Note Yolanda sitting off by herself in this scene. She's obviously brooding over the fact that she killed Brainwave, and is distancing herself physically as well as mentally from the rest of her teammates. Could this be the start of a "Dark Wildcat" plotline in Season 2?

• Beth sits in the stands, mourning the loss of Chuck. Courtney & Rick assure her they'll figure out a way to fix him. They'd better! Because without Chuck, Beth's virtually useless. She has no powers to speak of, and her only function is to relay whatever Chuck says to the rest of the team.

Surely if Dugan can build a giant mech out of old car parts, he could fix a pair of high-tech goggles?


• Kudos to the Stargirl Graphics Department, who went to the trouble to label the school buses in the show! Well done!

• I was honestly expecting Justin to contribute more to the final battle than he did. Instead he's knocked out halfway through the fight, robbing him of the chance to get his revenge against Dragon King. He doesn't even suit up in his old Shining Knight armor!

This is odd, as they've literally been building up his character and teasing his big reveal since the Pilot. But once his true identity's revealed, he does little or nothing for the rest of the season. In fact it makes me wonder why they included him at all. Yes, I know he was in the comic, but at least there he actually did something and contributed to the cause.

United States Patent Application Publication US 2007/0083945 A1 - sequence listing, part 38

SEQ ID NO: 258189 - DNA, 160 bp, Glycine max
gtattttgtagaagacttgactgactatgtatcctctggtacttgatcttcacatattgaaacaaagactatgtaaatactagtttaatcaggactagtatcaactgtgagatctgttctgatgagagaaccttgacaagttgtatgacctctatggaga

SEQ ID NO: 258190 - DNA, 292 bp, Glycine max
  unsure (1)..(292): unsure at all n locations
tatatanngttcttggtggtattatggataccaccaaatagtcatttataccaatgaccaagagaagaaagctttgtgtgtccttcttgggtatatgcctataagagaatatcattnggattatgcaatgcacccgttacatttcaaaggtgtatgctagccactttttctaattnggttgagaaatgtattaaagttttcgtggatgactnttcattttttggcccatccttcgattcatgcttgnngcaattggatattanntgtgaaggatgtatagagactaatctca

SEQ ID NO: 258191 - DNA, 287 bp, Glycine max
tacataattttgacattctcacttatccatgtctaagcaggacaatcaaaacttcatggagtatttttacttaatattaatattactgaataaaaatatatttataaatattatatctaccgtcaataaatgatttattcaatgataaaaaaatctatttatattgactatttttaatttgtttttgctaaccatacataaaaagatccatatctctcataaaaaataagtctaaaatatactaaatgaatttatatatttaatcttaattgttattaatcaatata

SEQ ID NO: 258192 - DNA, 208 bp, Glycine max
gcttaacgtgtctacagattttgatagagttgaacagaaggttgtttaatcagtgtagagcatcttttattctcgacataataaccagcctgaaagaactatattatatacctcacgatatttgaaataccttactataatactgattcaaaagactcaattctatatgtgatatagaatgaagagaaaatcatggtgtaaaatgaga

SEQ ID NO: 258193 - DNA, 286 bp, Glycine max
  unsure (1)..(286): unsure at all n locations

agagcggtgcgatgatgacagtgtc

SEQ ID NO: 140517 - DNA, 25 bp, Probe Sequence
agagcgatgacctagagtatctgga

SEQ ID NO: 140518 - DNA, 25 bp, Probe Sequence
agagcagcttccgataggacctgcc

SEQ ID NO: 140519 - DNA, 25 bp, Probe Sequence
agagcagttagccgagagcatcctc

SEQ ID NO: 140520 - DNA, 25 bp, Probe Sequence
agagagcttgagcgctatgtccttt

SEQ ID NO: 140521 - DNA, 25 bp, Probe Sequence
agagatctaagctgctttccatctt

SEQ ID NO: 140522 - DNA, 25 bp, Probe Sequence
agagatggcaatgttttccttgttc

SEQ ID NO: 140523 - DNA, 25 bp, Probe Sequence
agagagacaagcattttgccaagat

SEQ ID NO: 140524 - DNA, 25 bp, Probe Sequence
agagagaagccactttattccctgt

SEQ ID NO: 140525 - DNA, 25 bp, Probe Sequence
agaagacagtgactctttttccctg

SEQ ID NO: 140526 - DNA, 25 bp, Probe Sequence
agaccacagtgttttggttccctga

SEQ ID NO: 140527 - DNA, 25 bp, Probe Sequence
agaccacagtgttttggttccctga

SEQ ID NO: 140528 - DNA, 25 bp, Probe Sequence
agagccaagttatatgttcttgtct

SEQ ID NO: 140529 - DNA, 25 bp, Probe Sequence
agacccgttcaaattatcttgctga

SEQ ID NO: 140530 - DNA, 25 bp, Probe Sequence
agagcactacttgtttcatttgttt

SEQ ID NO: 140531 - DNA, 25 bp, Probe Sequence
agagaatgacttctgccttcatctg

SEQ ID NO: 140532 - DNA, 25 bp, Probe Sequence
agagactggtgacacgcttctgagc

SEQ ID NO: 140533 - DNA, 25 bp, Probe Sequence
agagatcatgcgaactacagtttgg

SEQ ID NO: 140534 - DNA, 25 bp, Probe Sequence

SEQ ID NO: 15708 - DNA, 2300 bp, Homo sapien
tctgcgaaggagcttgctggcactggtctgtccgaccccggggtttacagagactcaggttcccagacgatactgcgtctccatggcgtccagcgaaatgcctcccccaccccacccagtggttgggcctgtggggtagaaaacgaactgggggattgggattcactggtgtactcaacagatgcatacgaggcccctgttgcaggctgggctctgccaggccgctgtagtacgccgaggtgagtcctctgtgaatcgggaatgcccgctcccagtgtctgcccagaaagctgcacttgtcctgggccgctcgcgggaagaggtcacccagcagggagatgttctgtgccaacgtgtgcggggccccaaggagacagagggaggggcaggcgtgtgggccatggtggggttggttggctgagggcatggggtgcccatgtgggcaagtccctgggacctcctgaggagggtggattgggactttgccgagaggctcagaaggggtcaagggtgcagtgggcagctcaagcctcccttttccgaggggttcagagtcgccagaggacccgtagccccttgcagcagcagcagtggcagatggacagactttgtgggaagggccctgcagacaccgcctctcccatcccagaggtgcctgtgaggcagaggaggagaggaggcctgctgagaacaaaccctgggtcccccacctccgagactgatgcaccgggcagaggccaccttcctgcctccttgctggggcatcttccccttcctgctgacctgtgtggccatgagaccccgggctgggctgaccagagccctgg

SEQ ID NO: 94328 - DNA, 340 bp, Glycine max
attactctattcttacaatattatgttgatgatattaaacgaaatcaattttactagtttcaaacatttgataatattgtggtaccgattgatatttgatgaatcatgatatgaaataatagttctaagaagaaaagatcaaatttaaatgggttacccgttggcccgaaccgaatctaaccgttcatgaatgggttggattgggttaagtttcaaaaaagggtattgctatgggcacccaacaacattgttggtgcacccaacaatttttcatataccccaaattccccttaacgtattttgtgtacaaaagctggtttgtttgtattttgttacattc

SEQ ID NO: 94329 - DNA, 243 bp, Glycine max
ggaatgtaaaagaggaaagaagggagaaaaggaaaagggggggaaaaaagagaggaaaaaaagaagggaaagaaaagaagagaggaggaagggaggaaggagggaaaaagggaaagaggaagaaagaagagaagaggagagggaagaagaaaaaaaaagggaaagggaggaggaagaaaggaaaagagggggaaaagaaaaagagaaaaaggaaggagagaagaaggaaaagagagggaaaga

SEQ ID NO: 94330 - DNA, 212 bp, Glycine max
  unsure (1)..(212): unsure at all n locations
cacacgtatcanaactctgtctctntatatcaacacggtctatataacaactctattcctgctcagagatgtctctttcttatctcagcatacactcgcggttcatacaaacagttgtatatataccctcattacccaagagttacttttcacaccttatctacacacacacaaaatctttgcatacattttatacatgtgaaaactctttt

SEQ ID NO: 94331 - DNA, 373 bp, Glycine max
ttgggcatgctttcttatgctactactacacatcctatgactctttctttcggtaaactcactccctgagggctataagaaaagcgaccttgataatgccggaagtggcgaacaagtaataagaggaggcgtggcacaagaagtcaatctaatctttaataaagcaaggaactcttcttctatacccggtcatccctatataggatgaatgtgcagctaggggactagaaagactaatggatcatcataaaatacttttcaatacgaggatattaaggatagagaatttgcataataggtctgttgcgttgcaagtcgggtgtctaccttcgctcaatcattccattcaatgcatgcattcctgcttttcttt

I kind of wish they'd waited till Season 2 to introduce Justin, so that once the other character intros were out of the way they could devote a proper amount of time to his story arc.


• Barb wonders how the media will explain the fact that two thirds of the country blacked out for half an hour due to the ISA's signal.

We then see a news report on this very topic, as the anchor says, "The National Weather Service confirmed that it was an earthquake that struck Nebraska yesterday. This tremor ultimately caused a malfunction in a weather satellite. Government officials say that the satellite has been fixed, and an event like that recurring again is impossible."

How that explains the fact that most of the country was in an hypnotic trance for half an hour isn't addressed. Nor is it clear how an earthquake on the Earth's surface could possibly affect a satellite in orbit.

I'm inclined to think this cockamamie explanation was deliberately ridiculous, and the whole scene was meant as a joke. I guess it's supposed to be a satirical comment on the news media? Or something? I dunno.

• After the Machine's destroyed and the ISA defeated, a shadowy figure watches a news report in their conference room.